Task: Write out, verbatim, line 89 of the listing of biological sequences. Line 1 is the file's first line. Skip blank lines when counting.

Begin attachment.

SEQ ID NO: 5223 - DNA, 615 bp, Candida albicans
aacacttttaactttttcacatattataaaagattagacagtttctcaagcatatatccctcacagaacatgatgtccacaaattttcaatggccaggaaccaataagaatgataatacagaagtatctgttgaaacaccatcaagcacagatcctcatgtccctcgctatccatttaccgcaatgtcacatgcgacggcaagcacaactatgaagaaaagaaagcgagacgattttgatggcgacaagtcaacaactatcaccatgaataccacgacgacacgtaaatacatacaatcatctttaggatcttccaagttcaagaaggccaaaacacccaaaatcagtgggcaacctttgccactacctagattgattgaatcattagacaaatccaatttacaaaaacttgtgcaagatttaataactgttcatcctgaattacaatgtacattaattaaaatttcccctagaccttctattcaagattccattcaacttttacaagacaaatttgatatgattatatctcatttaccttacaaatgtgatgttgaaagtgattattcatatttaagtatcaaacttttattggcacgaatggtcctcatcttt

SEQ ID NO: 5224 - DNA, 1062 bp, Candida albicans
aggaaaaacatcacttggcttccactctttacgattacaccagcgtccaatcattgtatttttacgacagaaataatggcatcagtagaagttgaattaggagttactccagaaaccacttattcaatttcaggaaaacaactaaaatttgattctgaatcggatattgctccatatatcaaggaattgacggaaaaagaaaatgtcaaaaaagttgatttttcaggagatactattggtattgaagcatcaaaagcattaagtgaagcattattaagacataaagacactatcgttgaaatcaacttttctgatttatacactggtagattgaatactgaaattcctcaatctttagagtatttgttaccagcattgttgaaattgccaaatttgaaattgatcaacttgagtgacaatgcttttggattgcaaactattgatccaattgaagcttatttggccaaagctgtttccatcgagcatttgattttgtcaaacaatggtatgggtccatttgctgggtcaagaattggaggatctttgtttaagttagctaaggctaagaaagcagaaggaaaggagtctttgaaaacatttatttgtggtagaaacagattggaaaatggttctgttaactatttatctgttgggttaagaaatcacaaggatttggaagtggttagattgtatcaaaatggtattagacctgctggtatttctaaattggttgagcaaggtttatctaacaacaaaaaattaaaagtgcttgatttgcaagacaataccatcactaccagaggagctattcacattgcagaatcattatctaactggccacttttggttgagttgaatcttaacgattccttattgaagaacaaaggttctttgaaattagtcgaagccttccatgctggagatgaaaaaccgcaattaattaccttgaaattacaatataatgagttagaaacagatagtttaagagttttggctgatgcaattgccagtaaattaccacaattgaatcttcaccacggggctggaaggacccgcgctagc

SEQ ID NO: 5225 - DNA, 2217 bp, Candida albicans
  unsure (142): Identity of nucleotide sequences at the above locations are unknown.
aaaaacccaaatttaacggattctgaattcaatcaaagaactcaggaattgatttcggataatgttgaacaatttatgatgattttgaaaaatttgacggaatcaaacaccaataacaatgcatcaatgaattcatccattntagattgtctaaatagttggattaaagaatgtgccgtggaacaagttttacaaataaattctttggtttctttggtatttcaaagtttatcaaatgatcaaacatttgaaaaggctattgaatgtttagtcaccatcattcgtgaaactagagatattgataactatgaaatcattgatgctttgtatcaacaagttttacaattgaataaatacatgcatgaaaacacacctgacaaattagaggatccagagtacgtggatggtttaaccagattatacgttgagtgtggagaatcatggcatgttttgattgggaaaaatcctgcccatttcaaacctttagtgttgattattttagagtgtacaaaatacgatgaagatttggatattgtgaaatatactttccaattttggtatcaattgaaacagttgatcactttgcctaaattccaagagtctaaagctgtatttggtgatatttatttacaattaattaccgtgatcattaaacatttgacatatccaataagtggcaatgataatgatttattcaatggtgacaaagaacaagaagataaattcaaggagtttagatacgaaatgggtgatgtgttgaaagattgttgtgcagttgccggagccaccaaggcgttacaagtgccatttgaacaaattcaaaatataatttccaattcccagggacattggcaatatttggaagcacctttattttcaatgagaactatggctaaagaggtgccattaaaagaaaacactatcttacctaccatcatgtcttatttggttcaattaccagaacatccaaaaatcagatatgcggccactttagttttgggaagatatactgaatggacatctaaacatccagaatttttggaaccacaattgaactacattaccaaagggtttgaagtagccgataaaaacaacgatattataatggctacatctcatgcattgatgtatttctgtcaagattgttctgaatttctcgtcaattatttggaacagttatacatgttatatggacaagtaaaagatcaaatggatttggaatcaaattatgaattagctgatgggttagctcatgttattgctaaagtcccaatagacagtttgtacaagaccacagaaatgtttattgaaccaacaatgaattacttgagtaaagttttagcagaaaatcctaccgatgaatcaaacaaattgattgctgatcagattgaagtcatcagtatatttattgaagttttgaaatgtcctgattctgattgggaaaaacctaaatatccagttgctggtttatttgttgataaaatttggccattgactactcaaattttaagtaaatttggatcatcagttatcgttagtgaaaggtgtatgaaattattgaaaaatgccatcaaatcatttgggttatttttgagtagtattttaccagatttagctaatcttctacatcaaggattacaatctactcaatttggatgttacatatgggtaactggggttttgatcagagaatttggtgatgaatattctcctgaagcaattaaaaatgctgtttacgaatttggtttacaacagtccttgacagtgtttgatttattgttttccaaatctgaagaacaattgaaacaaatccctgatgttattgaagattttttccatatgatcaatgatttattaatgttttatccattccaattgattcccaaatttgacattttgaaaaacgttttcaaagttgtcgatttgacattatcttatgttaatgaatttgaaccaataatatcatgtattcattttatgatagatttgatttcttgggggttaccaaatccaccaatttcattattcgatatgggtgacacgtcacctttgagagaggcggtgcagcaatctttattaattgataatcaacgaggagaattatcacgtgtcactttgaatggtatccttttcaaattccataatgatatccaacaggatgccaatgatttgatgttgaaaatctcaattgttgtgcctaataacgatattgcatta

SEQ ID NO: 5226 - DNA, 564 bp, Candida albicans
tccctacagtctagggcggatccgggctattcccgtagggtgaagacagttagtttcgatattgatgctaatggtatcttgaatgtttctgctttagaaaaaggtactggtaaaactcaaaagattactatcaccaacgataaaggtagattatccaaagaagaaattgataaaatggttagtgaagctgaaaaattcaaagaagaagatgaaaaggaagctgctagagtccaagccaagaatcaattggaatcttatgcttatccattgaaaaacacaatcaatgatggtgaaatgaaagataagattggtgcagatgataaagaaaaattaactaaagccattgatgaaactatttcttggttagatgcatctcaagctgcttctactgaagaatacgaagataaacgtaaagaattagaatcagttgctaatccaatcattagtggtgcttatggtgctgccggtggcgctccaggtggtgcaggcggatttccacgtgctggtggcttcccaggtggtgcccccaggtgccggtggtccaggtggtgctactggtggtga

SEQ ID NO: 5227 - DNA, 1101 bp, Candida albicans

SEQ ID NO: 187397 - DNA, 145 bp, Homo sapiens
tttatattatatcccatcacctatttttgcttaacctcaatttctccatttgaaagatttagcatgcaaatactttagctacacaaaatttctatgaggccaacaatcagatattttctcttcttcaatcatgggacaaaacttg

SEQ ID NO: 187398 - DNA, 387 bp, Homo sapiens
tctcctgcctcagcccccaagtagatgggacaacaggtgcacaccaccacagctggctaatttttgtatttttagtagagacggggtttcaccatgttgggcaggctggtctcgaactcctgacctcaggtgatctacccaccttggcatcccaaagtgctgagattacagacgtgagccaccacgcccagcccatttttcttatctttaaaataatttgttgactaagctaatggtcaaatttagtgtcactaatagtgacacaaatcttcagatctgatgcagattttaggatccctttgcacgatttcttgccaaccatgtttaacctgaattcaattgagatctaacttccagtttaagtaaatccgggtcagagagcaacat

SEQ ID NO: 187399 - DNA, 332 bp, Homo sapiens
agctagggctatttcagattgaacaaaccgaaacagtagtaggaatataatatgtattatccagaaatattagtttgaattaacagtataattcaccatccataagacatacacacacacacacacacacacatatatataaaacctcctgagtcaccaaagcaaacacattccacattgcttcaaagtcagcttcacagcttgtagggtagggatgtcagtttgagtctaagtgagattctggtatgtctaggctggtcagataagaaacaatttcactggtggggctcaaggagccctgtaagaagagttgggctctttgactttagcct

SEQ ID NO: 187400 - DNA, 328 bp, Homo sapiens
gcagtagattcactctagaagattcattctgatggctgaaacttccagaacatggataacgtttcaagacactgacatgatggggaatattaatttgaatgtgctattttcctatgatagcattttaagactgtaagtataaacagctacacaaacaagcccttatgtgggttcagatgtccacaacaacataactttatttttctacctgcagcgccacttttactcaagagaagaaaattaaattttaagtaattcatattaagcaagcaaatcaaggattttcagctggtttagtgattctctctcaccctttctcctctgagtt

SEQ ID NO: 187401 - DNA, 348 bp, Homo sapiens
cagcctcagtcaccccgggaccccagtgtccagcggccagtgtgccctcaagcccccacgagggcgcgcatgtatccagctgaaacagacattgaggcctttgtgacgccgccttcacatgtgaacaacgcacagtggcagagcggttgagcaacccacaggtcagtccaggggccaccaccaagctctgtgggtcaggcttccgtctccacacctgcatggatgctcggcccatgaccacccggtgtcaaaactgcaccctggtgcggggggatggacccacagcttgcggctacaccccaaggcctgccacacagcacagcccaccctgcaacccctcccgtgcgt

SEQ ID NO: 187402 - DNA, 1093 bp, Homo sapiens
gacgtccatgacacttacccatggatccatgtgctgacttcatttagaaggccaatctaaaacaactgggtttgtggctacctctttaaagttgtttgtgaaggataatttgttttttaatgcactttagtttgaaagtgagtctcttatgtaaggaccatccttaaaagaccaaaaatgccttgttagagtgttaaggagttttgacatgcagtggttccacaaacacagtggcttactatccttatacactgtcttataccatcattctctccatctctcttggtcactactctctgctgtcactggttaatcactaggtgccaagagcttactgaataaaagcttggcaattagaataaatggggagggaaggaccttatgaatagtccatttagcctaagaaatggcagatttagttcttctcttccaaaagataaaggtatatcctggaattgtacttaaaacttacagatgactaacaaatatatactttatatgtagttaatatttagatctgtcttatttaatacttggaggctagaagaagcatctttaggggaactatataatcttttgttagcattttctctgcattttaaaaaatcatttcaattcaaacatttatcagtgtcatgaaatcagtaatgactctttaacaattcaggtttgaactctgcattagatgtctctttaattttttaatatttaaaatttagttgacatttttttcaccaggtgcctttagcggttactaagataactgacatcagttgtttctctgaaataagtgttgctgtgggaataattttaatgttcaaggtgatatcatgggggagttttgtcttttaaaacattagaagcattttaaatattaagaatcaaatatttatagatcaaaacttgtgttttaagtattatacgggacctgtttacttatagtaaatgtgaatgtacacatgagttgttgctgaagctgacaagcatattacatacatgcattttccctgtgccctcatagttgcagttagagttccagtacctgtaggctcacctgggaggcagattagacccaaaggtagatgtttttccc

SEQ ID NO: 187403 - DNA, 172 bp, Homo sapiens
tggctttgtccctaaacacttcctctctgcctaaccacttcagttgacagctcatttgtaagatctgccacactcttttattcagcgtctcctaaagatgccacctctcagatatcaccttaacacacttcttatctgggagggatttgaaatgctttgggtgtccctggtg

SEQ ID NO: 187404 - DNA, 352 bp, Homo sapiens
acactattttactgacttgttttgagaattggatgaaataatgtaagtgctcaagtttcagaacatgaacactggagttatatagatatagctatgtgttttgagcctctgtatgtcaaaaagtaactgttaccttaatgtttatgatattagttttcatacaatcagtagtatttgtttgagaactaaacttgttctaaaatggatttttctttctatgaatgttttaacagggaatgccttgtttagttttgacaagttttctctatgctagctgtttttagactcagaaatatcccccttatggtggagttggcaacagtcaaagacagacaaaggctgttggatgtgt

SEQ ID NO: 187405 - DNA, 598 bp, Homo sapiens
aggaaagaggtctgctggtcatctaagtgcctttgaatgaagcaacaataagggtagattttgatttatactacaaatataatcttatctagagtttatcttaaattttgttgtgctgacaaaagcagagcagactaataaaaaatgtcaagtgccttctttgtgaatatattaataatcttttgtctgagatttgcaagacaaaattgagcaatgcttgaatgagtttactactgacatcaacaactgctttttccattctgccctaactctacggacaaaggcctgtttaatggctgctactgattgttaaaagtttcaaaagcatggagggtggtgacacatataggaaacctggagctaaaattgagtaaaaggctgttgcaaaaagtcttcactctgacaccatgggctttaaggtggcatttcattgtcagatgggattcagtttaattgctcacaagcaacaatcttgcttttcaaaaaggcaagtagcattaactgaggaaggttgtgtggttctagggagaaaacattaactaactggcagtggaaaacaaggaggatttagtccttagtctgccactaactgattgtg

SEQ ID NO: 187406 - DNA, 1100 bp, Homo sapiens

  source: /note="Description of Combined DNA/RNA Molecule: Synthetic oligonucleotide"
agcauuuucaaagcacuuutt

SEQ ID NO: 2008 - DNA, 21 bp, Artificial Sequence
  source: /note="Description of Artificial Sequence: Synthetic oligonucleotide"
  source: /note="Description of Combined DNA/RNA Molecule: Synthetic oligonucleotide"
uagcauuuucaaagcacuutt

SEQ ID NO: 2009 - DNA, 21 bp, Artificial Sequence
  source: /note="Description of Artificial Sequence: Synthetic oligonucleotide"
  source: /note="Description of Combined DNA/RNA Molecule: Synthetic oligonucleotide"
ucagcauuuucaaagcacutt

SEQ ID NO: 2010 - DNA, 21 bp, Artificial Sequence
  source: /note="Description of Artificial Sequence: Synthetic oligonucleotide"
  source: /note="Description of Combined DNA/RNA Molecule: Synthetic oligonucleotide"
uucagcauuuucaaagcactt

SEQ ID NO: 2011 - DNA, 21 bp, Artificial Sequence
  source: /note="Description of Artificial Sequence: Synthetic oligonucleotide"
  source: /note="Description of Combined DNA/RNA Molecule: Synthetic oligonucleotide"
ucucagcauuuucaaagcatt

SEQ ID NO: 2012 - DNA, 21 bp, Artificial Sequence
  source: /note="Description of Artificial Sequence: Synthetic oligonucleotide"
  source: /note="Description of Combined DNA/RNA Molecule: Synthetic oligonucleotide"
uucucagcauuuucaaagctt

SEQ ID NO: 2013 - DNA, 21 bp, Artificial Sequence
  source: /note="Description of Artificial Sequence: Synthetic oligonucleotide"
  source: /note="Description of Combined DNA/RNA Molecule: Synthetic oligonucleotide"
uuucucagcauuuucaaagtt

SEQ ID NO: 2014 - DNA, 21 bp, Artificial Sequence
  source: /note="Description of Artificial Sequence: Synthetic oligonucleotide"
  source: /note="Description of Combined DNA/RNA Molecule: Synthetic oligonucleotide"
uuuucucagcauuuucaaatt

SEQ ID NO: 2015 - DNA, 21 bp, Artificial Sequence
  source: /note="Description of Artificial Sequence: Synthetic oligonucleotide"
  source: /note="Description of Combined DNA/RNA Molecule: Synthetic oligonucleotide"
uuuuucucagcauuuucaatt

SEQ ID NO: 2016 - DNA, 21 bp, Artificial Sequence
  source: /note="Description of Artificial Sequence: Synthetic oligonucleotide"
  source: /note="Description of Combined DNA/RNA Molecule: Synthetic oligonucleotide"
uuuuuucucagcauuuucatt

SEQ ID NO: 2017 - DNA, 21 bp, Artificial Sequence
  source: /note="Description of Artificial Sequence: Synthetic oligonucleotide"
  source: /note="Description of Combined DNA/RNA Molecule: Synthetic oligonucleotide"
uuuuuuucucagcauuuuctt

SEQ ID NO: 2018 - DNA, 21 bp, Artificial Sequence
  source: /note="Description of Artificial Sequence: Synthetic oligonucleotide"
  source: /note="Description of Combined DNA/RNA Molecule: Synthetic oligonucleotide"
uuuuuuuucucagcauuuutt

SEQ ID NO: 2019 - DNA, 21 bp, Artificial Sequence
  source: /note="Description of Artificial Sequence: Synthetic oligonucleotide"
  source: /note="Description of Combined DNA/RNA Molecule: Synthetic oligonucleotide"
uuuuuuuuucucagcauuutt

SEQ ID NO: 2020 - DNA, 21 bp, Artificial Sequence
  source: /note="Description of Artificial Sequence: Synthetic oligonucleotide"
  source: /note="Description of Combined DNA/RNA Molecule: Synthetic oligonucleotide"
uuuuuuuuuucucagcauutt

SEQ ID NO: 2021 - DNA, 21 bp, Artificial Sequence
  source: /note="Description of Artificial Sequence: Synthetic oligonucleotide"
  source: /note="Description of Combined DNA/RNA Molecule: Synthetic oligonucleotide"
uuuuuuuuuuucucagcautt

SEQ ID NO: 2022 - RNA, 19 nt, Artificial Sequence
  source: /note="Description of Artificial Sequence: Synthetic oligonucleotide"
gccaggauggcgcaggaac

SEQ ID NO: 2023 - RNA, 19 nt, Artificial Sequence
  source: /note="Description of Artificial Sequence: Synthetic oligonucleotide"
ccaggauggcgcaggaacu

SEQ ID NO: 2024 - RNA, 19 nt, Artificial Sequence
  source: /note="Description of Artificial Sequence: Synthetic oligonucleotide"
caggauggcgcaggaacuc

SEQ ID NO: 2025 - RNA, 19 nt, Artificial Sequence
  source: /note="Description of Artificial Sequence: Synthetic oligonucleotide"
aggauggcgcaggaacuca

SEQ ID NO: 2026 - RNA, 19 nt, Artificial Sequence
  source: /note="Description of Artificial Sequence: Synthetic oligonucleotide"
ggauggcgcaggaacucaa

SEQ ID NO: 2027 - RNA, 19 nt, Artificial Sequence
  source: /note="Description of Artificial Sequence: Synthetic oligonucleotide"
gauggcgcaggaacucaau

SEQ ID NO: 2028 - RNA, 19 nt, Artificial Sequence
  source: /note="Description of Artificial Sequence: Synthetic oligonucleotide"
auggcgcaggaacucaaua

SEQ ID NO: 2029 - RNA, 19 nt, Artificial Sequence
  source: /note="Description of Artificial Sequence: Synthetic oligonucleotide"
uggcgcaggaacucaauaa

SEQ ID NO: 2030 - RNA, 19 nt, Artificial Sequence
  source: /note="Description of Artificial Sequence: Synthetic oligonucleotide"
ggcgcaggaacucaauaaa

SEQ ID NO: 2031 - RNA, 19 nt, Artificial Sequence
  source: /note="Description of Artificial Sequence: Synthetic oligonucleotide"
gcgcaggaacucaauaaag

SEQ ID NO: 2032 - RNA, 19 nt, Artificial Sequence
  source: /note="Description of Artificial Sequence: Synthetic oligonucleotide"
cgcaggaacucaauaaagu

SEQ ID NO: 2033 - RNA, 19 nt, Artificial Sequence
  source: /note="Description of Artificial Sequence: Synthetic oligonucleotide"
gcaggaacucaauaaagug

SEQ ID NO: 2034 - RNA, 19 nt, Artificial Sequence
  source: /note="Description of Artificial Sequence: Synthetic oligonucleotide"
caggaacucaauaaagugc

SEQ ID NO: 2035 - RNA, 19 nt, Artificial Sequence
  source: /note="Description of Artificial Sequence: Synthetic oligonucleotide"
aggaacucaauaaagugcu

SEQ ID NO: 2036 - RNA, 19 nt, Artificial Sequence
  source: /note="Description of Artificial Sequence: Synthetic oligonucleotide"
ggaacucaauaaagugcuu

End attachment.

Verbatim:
  source: /note="Description of Artificial Sequence: Synthetic oligonucleotide"